PILT was created in the 1970s to offset the revenues that counties – mostly in the West – lost due to tighter environmental regulation on federally owned lands. It was a “make ’em an offer they can’t refuse” scenario where the federal government said they would offset lost tax revenues with direct payments that the counties could then use to pay for their schools, public safety, and all of those boring things. In other words, the counties were “asked” to trade economic independence and good jobs for an annual check from Uncle Sam.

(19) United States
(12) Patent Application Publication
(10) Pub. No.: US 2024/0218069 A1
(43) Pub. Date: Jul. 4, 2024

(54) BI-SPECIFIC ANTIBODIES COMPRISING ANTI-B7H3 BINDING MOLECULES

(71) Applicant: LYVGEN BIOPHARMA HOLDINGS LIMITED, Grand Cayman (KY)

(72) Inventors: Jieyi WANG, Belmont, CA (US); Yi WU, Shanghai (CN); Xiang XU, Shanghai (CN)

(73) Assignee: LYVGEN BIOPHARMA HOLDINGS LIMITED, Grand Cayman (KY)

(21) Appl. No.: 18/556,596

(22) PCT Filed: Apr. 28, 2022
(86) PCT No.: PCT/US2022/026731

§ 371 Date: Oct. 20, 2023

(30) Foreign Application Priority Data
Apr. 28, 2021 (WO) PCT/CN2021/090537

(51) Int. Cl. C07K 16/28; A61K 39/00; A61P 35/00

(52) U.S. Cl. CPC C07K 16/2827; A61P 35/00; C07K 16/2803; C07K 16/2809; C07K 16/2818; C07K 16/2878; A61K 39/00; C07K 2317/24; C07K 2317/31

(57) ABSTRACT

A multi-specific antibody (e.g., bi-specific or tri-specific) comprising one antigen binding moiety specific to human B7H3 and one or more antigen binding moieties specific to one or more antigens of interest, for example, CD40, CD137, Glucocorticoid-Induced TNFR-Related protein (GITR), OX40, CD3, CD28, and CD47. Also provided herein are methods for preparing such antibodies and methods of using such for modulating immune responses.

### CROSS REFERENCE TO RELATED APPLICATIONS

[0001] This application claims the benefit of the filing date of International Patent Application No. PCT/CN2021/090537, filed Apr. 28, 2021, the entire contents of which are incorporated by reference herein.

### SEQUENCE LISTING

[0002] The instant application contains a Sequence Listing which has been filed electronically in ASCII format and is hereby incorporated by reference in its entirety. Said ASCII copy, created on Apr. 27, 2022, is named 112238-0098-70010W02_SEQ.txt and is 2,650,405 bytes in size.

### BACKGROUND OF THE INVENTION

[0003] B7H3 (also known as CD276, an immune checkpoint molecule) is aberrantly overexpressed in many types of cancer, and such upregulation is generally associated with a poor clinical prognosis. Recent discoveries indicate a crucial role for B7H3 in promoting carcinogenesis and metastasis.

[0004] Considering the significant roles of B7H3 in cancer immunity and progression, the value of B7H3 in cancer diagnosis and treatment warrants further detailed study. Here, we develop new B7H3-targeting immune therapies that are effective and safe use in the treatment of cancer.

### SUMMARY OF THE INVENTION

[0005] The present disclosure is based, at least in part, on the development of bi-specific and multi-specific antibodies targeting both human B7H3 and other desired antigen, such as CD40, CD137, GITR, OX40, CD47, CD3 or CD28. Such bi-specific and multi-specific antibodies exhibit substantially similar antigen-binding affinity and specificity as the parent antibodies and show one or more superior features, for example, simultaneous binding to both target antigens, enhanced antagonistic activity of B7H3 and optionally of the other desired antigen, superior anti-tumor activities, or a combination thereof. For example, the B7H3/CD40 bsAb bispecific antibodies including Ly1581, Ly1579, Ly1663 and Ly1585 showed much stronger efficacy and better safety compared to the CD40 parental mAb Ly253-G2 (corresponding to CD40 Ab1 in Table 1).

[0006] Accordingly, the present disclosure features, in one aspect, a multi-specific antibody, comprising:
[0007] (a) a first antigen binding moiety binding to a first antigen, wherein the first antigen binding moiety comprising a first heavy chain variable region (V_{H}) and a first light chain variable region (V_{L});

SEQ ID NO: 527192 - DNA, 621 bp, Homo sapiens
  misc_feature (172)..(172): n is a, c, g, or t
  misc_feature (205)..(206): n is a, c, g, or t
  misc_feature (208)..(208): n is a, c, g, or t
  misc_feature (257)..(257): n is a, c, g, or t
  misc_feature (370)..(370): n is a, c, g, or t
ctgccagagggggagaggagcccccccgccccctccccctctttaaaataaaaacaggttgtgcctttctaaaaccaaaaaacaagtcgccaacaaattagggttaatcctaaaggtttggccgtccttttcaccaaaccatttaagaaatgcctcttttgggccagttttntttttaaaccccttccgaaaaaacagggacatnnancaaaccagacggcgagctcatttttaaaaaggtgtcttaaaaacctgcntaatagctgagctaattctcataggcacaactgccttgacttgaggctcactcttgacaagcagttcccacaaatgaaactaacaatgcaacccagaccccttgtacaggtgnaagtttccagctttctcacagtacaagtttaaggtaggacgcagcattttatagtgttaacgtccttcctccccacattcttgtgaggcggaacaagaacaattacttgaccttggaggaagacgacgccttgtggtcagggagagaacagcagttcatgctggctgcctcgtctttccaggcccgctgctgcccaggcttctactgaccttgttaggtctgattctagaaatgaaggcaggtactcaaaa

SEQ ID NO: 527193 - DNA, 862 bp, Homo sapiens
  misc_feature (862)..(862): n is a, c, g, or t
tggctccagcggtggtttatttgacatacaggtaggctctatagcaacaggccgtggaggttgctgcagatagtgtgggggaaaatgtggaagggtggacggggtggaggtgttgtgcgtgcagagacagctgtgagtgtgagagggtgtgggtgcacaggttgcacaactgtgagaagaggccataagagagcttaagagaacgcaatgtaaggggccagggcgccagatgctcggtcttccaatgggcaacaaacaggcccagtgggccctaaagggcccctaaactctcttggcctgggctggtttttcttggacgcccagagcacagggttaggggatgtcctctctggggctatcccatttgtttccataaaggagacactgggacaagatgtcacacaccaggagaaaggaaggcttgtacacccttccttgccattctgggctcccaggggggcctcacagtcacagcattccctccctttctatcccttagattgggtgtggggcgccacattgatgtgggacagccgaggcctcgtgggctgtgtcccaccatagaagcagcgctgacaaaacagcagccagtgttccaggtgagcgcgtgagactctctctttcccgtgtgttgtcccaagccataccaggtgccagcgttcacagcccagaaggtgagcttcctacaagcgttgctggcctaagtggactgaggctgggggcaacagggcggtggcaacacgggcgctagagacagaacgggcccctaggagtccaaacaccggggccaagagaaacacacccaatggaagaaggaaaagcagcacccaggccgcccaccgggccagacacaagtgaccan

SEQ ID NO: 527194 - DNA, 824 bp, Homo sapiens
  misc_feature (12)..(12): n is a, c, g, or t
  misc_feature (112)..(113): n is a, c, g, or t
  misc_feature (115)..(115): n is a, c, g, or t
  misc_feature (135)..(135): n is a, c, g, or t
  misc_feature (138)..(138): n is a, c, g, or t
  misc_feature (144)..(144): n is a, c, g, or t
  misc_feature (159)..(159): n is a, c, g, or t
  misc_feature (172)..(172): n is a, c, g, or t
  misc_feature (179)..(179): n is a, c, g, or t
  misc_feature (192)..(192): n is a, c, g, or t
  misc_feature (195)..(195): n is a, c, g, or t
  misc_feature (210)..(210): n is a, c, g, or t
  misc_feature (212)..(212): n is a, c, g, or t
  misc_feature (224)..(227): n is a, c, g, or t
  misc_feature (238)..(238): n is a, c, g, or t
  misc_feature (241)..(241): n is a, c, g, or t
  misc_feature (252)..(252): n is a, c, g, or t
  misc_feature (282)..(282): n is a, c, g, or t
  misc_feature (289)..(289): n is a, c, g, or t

This may not seem like a big deal to states east of the Rocky Mountains – you could add up all of their PILT payments combined and it wouldn’t equal the payments that go to any two Western states. But if your county is 90 percent (or even 98 percent) owned by the federal government it’s easy to imagine that having no property or income taxes coming off of those lands can have a significant impact, not just to counties’ coffers but to their way of life.
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